“I want to be like you, talk like you, walk like you…” Disney’s The Jungle Book
As we enter the Memorial weekend I was thinking of all whom have sacrificed for us to continue to have the freedom and liberties we all enjoy in this country…I salute all our military men and women as well as their families for their selfless contributions.
But then there are other types of heroes who have done so much to protect our dignity while living with a chronic illness like Parkinson’s disease that they too deserve our gratitude and admiration.
One of these lovable characters who has stolen our hearts from a young age, is none other than your friend and mine Michael J Fox. He has become the embodiment of PD especially for those of us with young onset.
Seems like ever since I was in medical school training to be a neurologists he has been a constant in my life. I recall when we first heard of his diagnosis and speculated about the cause since he was so young and till then this illness was not associated with young people – at least not as an idiopathic disease.
Then when I was a fellow we at BCM did various gala’s to raise funds for PD. Mike was the guest of honor for one of these events. he had already published his first book and everyone including me was so looking forward to meeting him. and getting my book autographed. But, alas this was not meant to be. he had severe dyskinesia’s by then and was having a difficult time, my heart went out to him. however, one of his managers promised me to get my book autographed but I never got back. (a bit disappointing). yet, Michael appeared live via satellite and did in fact speak to us and despite his severe uncontrolled movements he was as charming and personable as always. Little did I know then that we would share so much more in common both off us developing the illness about the same age. Twenty years later I would finally get the chance to meet him in person and thank him for his contribution and his eternal optimism. nor did I realize I would get a chance to be part of his foundation as an ambassador for public policy issues.
Recently, he was featured in the cover of AARP magazine , an honor he greatly deserves. As I read this, I realize we share the same philosophy of life in dealing with this devastating illness. I, too, agree that top and foremost importance is to have “optimism” which I call faith- knowing things will look up and work out for the better if you just hold on long enough. This has served him well as he continues to thrive despite nearly 3 decades of PD. I, too, feel this is one of the many reasons along with ability to laugh at my self and my circumstances that I continue to enjoy my life despite living with PD. He also finds a good dose of humor to be just as important as any medication prescribed by a physician.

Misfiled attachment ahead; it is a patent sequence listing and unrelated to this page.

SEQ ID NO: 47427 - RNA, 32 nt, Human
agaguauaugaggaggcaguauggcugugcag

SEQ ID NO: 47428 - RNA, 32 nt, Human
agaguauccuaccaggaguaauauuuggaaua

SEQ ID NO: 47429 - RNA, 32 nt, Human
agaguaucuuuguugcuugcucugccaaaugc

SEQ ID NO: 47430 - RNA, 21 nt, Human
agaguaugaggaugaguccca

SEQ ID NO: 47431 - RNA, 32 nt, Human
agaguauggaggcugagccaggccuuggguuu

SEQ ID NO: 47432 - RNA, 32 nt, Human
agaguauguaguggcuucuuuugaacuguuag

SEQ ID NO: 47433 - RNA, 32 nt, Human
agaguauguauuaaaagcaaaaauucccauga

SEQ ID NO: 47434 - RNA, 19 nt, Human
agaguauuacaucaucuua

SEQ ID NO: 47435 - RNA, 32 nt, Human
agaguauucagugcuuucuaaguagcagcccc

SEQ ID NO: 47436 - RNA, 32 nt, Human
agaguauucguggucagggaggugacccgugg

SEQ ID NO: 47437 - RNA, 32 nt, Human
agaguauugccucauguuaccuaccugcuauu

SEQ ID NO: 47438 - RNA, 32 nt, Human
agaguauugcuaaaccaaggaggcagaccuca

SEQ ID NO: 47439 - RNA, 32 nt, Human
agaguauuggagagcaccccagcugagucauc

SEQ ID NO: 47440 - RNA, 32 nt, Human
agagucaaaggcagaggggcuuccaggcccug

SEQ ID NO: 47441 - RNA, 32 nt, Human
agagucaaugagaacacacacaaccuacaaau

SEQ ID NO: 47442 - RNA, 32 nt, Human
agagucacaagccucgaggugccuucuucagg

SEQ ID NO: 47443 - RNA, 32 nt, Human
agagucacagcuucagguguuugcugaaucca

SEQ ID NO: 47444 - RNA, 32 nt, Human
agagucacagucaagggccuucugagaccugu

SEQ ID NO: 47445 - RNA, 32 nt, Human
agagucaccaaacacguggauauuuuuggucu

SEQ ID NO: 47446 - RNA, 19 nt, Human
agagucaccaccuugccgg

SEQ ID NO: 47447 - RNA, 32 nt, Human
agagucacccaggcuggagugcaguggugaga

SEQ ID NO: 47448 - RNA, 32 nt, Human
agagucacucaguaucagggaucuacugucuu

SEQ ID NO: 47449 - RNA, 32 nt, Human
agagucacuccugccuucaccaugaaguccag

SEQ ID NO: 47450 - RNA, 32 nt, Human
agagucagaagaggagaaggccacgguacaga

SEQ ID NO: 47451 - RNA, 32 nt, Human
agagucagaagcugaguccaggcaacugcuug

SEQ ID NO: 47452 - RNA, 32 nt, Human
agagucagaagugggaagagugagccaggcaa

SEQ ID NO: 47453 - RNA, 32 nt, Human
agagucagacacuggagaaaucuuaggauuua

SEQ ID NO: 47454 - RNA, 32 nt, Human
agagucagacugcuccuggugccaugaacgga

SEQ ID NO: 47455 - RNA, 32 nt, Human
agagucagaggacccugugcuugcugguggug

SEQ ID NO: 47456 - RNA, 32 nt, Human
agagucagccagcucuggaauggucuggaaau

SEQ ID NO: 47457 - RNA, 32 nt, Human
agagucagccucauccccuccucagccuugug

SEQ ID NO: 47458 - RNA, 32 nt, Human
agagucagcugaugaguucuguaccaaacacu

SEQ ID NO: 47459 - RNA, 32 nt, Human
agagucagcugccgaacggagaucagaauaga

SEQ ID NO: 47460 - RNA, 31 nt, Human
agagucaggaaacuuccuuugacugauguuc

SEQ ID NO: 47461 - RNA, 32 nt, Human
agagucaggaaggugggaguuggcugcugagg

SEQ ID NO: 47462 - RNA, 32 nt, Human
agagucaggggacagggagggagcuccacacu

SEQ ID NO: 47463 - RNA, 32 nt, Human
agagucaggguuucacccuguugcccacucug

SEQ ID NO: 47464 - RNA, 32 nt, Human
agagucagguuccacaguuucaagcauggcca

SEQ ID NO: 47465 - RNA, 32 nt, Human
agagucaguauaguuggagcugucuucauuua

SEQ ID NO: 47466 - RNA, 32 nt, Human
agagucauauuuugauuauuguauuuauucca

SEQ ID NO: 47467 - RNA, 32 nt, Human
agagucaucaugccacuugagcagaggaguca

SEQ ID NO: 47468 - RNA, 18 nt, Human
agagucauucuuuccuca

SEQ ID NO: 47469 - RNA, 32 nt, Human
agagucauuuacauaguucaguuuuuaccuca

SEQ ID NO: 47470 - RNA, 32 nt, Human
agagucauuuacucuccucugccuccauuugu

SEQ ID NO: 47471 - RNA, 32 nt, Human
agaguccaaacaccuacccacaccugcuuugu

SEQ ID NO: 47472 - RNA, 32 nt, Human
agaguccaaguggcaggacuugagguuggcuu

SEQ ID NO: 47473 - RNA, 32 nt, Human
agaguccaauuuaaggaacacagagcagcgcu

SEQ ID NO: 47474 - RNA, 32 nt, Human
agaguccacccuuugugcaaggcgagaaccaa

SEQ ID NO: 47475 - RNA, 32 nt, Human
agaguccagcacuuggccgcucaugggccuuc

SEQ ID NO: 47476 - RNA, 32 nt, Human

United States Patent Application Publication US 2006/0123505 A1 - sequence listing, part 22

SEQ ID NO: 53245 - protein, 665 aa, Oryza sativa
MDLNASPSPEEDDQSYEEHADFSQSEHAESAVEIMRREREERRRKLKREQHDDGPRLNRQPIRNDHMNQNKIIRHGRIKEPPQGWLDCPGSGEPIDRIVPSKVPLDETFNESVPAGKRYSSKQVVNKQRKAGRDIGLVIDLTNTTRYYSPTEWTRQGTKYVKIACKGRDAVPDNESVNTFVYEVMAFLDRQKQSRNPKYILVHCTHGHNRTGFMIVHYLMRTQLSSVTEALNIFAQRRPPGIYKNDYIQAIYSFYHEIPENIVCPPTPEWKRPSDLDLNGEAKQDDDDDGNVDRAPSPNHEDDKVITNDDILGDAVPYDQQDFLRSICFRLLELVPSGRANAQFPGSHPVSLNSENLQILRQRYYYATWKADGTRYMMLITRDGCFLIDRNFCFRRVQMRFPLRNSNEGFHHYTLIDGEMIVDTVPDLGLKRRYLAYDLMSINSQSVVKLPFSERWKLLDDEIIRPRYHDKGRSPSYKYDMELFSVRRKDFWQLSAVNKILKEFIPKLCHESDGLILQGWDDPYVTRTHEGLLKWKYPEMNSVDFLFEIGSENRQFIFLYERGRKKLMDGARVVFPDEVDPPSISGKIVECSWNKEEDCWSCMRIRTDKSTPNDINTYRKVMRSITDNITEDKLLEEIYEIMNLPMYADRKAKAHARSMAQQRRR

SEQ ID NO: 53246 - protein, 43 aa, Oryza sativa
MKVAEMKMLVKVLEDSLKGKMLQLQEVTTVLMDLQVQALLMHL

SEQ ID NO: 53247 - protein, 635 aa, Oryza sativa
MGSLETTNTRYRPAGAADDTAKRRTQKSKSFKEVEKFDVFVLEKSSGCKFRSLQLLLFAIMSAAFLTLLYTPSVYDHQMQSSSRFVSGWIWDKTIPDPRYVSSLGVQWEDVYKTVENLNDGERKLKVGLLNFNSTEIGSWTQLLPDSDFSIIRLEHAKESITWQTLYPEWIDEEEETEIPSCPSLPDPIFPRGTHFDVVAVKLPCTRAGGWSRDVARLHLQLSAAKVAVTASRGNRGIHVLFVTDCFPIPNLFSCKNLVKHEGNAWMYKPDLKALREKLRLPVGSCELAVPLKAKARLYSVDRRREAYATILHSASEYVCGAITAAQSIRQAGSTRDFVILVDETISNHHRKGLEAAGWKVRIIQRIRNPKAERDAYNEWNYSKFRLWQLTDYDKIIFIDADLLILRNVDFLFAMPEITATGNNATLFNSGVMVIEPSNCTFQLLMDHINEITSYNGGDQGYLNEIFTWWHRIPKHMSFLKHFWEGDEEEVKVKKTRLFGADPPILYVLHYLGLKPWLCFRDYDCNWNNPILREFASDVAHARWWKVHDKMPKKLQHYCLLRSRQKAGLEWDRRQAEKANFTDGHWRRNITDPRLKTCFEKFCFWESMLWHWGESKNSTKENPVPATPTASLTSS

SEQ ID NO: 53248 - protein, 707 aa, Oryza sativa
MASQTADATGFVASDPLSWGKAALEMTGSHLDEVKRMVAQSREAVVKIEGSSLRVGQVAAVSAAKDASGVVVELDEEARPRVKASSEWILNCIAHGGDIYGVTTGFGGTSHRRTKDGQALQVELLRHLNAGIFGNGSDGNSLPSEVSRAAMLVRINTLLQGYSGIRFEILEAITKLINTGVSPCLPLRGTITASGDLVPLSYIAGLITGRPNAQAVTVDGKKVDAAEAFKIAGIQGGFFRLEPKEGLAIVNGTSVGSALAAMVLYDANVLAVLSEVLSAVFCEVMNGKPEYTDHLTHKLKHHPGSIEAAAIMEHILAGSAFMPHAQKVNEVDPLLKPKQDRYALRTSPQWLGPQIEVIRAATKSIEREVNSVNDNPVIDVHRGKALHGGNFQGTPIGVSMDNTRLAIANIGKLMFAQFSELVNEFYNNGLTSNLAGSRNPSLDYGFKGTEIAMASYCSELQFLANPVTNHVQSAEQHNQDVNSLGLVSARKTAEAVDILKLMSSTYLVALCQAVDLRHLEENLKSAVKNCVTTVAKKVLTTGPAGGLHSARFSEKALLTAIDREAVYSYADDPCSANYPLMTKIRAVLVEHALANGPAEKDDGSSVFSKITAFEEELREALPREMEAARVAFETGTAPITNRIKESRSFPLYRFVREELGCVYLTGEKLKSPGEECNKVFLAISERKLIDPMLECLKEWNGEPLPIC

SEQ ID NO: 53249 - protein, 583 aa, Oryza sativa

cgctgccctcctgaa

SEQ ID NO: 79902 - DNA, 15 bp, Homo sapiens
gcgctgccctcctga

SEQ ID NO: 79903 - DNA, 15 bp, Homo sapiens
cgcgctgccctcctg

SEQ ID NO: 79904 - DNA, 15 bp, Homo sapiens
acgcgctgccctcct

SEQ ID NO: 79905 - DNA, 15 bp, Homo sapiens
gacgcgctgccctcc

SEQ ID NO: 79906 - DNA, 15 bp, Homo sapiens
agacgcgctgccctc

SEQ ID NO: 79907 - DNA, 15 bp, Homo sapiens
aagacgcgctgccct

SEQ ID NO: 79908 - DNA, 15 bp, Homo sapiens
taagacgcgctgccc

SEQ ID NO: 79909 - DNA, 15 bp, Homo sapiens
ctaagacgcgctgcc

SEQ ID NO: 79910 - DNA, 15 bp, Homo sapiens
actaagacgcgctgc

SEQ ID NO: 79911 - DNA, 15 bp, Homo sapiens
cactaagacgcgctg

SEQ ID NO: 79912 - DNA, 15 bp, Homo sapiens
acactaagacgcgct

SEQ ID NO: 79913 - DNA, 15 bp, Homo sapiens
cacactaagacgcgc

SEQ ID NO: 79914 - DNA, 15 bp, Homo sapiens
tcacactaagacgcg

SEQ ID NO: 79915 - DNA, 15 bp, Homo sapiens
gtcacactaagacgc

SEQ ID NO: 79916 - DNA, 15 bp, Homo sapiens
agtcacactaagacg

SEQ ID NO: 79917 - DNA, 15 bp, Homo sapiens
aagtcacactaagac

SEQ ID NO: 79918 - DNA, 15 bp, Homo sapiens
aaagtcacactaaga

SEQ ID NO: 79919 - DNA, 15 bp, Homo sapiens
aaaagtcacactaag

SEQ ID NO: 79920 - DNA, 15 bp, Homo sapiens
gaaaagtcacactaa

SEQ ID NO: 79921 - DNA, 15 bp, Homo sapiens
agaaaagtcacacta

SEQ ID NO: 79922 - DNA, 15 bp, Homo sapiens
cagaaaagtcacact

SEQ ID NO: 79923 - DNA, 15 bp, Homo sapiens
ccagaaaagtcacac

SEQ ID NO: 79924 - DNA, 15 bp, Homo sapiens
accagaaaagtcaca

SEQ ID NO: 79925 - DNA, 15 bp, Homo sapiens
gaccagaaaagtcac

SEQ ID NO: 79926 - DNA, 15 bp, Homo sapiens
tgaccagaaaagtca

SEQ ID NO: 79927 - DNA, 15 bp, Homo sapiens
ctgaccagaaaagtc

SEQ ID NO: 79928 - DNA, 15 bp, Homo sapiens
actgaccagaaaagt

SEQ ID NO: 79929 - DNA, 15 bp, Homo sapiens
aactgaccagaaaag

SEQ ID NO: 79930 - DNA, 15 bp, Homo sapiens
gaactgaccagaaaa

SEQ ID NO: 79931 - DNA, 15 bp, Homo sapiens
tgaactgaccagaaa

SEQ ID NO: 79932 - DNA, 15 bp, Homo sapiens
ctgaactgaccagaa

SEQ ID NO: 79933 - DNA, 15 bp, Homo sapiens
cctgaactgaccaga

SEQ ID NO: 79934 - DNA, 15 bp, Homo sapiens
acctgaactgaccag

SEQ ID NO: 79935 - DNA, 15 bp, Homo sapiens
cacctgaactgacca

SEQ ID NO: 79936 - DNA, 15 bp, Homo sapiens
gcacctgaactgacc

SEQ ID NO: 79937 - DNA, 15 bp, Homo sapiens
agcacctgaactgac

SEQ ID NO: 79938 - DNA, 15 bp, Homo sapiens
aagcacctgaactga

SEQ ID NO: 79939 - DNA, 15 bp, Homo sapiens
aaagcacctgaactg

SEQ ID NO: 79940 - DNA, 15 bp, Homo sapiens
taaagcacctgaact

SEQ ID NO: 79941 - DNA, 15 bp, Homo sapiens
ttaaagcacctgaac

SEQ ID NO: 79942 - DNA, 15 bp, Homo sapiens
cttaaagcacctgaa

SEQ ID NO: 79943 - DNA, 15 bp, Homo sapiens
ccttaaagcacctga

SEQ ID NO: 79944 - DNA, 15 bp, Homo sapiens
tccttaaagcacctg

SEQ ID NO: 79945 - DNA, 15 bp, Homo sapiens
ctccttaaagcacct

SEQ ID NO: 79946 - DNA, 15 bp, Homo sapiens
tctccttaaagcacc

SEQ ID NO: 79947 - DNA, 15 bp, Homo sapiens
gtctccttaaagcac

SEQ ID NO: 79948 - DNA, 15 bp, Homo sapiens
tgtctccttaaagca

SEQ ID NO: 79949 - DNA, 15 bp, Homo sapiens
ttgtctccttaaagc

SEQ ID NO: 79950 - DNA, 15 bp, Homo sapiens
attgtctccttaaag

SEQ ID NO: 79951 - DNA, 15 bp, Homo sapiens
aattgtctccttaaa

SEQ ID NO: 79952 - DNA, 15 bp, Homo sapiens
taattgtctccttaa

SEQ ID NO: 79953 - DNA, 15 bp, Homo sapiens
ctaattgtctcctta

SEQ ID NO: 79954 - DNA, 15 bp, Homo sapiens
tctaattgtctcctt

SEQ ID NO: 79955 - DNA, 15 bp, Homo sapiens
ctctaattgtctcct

Finally, besides family, love and giving others what you need in your life is keeping busy mentally and physically that make a world of difference in maintaining a positive outlook on life whether you have an illness or not.
Thus, I urge anyone living with PD or any other chronic illness to be more like Mike and enjoy life to the fullest.
Happy Memorial Weekend everyone!
All rights reserved- Maria De Leon MD
4 thoughts on “Just like Mike: By Maria De Leon”
I amight trying so hard to get to the place where I have that kind of optimism. I have it when I’m on but I’m off ever 2 hhj ours and my back muscles get the so tight and painful and my jaw gets so tight and I breathe so rapidly that I can’t be myself around people. My meds are so effected by food that social occasions are impossible as after the meal I’ll be off for hours. I have great days when I eat nothing or little but I don’t feel I have the quality of life I could if I could better control my meds especially in regards to the tIgot and very painful back muscles and the jaw tightness.I so want to be better enough to go and do things with my family.
I am so very sorry..perhaps a patch, intermediate med or combination of sinemet with comtan (stalevo) might be of benefit
Good luck ..hang in there..🌷
Jjust the right note to draw me out of my Monday morning, can I do this still, funk
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